In the past few days, physical assaults on Tesco employees have increased by a third, prompting Tesco chief executive Ken Murphy to suggest a change in the law.
As there has been a drastic increase in “unacceptable” verbal and physical assaults on the employees, the top management has offered its frontline employees body cameras.
Mr. Murphy stated in a letter that the attacks, although “small in number, but have a disproportionate impact” on staff.
In the last four years, Tesco has ramped up its security measures, including protection screens, door access systems, digital radios, and cameras, to the tune of $44 million, Mr. Murphy commented.
“Money spent on making sure people are safe at work is always well spent,” he stated.
“But it should not have to be like this. Crime is a scourge on society and an insult to shoppers and retail workers.”
Further stating it is “time we put an end to it”, the retail boss labeled the rise in incidents as “unacceptable” and condemned the impact on workers.
He also suggested changing the law to ensure that those who abuse or have a violent tendency towards retail workers are charged with an offense across the UK, saying, “We cannot go on like this.”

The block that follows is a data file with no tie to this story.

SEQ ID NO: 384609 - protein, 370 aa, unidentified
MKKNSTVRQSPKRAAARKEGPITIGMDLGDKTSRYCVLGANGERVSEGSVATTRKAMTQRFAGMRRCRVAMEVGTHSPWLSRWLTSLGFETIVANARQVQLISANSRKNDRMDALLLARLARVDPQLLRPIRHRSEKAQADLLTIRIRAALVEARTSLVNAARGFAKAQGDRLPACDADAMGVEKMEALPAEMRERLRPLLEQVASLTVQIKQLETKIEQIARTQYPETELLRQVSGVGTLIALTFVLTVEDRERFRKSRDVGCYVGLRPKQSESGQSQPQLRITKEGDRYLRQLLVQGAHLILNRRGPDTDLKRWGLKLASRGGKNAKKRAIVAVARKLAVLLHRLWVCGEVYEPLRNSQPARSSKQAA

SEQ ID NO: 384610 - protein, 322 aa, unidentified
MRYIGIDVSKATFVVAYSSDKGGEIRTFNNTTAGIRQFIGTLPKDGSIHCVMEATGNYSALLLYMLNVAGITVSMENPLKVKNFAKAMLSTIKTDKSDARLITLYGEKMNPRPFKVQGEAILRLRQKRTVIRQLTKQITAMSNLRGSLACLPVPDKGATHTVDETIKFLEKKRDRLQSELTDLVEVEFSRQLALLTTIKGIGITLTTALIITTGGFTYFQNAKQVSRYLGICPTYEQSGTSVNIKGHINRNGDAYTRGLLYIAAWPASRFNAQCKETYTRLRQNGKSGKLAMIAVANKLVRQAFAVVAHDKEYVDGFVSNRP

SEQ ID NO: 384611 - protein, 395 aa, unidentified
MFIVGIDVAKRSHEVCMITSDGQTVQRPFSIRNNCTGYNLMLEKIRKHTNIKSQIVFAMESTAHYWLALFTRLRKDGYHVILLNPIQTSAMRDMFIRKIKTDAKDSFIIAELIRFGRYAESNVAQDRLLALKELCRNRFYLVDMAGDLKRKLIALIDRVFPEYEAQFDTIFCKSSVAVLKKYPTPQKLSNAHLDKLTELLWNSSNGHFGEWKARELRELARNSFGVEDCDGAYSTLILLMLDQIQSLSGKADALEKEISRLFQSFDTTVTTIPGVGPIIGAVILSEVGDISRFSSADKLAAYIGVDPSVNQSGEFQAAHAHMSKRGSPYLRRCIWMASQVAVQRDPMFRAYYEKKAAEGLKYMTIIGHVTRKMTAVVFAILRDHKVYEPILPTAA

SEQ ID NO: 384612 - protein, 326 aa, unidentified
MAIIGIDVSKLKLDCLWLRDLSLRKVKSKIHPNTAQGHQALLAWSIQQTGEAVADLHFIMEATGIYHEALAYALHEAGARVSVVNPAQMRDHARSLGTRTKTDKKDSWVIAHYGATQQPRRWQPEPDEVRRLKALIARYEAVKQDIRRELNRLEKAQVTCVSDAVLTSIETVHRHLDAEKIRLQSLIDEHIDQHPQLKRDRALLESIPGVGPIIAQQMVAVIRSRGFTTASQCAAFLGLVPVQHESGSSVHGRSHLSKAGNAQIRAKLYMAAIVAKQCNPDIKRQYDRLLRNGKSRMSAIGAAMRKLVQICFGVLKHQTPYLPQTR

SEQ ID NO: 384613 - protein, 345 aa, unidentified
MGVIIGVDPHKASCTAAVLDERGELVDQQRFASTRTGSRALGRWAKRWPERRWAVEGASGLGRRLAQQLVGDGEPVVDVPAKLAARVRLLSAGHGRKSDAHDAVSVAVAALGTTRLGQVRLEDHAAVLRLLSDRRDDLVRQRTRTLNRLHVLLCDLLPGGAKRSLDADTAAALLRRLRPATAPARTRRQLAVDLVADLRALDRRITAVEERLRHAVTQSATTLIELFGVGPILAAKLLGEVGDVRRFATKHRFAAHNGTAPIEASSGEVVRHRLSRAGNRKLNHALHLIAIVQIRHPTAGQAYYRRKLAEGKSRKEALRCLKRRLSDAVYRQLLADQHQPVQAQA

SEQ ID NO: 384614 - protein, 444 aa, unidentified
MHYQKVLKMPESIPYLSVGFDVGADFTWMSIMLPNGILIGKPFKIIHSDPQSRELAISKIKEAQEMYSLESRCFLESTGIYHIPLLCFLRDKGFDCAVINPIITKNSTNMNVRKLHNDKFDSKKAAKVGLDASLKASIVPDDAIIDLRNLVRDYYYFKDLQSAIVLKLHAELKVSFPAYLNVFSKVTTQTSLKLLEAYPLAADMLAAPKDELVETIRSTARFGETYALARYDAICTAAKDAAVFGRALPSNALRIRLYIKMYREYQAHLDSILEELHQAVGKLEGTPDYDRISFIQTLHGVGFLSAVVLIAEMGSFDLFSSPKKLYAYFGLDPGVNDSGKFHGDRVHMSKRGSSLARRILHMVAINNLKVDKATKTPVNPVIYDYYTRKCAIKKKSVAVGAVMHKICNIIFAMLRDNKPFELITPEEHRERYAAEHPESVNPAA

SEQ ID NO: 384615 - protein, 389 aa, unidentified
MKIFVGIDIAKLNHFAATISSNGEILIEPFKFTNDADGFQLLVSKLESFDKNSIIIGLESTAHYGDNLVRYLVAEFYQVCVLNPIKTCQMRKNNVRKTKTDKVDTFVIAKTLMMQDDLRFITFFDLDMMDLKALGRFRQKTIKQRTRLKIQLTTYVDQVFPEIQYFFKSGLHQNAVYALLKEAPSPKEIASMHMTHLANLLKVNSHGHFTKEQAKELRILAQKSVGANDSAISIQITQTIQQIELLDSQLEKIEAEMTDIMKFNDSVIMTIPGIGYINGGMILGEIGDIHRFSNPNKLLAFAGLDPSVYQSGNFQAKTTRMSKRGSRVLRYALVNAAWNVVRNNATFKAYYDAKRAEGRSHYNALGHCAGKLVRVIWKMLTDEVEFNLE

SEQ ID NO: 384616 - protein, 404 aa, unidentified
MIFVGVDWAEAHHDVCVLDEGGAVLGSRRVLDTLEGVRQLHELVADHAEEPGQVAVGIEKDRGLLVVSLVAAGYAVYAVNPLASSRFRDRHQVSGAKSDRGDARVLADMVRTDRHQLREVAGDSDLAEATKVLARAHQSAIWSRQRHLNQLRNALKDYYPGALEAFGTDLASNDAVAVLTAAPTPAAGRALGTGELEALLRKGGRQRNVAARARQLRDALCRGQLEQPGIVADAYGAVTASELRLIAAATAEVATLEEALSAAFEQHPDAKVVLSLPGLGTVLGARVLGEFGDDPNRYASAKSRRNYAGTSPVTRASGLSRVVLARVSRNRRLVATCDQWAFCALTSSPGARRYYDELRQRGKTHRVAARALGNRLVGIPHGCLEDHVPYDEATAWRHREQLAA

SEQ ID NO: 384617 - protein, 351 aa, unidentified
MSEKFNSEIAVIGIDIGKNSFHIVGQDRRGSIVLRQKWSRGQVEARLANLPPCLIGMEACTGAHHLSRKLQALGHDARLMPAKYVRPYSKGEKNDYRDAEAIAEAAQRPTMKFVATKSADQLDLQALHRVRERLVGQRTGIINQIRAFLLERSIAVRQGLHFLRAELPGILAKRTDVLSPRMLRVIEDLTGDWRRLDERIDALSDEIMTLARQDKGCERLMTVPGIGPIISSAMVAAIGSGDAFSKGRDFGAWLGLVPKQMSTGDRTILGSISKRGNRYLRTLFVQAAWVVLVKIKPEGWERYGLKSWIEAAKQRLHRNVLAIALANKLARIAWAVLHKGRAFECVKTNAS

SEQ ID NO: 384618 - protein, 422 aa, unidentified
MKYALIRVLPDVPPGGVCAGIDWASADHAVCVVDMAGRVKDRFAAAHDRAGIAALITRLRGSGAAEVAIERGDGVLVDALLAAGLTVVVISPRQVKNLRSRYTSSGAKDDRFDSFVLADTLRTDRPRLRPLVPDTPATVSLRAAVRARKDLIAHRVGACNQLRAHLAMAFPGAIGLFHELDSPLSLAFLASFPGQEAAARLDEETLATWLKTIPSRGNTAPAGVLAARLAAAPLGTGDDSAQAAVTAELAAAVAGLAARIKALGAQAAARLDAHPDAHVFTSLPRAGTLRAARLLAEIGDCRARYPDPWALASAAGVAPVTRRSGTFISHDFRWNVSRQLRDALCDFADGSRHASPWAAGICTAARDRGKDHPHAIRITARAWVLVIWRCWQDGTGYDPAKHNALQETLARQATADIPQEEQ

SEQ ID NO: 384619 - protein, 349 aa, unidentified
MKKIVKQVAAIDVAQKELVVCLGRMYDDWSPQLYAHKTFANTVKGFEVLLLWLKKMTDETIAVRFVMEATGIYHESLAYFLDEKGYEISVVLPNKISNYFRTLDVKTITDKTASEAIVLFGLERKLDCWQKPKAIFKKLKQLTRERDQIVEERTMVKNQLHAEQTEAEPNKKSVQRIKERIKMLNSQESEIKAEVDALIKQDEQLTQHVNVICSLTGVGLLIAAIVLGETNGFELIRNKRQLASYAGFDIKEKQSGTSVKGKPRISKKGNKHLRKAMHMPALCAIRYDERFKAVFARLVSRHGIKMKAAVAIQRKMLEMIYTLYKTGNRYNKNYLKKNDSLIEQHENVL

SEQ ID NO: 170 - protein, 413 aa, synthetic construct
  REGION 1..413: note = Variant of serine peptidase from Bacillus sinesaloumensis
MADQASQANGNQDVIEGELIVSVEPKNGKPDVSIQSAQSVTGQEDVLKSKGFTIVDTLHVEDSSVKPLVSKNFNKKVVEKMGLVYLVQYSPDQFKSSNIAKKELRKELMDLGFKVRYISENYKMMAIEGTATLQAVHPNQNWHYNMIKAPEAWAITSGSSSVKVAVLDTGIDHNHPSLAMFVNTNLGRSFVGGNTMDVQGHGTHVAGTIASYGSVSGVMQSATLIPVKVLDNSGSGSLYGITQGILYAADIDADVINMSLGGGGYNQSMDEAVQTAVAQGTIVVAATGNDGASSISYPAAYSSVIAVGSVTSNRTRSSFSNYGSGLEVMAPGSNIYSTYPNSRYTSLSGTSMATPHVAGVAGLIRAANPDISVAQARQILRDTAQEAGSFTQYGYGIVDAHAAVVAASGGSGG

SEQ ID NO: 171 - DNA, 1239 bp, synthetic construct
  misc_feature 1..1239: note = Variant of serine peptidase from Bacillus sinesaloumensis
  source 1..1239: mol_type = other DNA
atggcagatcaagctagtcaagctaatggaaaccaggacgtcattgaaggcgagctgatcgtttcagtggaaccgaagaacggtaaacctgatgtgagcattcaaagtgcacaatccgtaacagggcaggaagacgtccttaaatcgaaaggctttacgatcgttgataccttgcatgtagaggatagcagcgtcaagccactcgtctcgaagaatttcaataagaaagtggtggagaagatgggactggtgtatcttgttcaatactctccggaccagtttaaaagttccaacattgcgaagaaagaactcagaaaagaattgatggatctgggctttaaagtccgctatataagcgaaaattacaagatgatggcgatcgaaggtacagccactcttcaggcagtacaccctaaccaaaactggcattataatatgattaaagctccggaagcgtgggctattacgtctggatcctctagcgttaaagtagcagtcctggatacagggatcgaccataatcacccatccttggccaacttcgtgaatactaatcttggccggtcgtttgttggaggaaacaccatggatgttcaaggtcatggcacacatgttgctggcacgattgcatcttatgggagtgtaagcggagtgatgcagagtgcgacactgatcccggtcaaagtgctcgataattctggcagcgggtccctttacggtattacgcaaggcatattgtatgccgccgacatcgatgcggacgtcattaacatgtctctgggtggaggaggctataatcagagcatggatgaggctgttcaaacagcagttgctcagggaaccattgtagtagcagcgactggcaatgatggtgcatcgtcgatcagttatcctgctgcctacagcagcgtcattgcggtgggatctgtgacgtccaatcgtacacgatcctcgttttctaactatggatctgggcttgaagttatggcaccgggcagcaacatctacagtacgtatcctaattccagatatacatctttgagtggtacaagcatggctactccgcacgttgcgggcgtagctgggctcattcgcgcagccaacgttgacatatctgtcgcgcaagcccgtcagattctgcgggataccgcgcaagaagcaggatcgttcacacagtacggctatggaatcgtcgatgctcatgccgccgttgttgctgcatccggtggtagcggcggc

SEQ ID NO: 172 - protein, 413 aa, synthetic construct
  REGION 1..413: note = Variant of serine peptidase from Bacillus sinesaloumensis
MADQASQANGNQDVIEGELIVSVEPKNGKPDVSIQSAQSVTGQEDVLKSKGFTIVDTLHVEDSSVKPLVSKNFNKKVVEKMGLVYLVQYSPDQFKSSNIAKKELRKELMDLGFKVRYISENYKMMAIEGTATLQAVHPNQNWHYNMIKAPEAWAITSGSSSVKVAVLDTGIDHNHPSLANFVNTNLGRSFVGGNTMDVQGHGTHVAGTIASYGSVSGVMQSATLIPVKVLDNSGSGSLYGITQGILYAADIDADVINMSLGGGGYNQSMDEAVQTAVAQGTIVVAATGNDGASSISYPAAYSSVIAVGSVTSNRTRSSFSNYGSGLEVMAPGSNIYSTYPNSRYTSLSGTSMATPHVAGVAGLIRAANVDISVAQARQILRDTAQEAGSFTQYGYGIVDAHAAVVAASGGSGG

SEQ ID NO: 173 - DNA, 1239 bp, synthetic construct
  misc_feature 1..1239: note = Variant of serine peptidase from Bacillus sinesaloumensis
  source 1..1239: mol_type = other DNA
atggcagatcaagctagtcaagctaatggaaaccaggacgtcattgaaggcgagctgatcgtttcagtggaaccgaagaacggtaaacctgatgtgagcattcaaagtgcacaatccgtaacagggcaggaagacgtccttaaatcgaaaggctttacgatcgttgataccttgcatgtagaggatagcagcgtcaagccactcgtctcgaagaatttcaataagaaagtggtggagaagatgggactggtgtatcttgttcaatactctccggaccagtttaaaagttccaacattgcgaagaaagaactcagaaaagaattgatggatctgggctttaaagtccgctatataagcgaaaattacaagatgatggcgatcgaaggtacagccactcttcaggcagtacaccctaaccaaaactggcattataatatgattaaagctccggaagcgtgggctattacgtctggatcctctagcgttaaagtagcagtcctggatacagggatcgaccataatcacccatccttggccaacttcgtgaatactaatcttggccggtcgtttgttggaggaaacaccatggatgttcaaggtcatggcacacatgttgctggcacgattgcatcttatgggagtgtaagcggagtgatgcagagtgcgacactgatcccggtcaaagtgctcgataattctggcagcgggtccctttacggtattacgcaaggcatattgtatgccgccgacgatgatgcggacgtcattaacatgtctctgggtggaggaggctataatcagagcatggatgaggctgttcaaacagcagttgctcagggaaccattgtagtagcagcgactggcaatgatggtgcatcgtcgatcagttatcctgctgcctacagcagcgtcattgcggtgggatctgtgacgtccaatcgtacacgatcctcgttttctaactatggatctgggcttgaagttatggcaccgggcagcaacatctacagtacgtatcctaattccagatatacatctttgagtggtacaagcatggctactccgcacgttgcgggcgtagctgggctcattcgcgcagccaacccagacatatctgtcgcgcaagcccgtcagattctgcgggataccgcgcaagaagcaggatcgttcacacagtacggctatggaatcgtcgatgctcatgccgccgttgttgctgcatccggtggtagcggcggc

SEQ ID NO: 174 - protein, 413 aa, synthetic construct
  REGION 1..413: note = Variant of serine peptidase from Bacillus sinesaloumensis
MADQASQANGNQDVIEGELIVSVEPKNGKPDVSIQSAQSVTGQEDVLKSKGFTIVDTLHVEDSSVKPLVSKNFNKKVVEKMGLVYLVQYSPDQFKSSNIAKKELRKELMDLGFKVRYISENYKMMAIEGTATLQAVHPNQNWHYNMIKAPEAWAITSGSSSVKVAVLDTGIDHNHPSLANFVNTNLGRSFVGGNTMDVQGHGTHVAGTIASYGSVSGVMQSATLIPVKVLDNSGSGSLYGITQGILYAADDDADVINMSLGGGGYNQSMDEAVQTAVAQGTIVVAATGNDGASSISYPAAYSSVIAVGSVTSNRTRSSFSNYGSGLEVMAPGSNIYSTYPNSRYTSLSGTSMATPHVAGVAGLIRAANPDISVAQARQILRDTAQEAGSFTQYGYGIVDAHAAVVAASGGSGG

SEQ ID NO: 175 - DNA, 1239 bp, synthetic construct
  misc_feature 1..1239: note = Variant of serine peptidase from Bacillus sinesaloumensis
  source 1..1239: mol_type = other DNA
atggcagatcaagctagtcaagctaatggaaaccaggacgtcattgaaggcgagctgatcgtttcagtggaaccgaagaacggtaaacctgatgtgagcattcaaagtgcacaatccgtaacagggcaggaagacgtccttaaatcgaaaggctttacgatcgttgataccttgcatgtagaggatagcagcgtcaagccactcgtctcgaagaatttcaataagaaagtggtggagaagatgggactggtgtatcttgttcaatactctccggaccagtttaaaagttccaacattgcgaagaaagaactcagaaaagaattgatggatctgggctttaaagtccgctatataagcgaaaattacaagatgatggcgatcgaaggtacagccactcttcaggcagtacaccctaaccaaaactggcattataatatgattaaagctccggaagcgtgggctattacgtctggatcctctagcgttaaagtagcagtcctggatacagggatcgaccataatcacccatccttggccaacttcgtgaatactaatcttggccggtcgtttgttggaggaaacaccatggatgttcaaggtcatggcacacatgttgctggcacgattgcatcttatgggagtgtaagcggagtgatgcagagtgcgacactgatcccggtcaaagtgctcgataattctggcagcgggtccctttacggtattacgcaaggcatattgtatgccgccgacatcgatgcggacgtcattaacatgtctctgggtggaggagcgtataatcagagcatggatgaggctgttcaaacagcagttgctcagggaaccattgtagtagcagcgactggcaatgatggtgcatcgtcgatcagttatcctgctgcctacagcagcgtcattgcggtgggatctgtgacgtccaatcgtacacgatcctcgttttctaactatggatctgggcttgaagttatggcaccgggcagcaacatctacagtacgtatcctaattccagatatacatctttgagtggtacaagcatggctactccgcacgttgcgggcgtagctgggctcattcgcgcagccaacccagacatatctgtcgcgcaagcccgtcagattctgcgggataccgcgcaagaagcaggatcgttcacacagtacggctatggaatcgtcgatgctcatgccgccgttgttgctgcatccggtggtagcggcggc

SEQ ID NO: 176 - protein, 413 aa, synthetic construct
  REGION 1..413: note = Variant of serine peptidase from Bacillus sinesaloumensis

“I want those who break the law in our stores brought to book,” he continued.
“After a long campaign by retailers and the union Usdaw, last year the government made attacking shop workers an aggravating factor in convictions – meaning offenders should get longer sentences.
“Judges should make use of this power. But we need to go further, as in Scotland, and make abuse or violence towards retail workers an offense in itself.”
Mr. Murphy has also suggested that the police forces work with the businesses to establish better links and that businesses be given the right to know regarding the processing of the case when someone has committed a crime in one of their stores.
“This would help us to spot patterns and provide reassurance that justice is being done,” he said.
Tesco has joined the ranks of Co-op, Waitrose, and Sainsbury’s, which took action to protect their staff by issuing a body camera for their safety two years ago.
The British Retail Consortium revealed data in March suggesting that attacks on staff, such as racial slurs, sexual and physical assaults, and threats by brandishing weapons, have increased to 850 a day, which is more than double the pre-COVID levels of 450 incidents a day.
Last summer, more than 100 retail bosses wrote to 41 police and crime commissioners in England and Wales, suggesting that they reconsider crimes in retail and make a change in local policing tactics.
- Published By Team Timeswire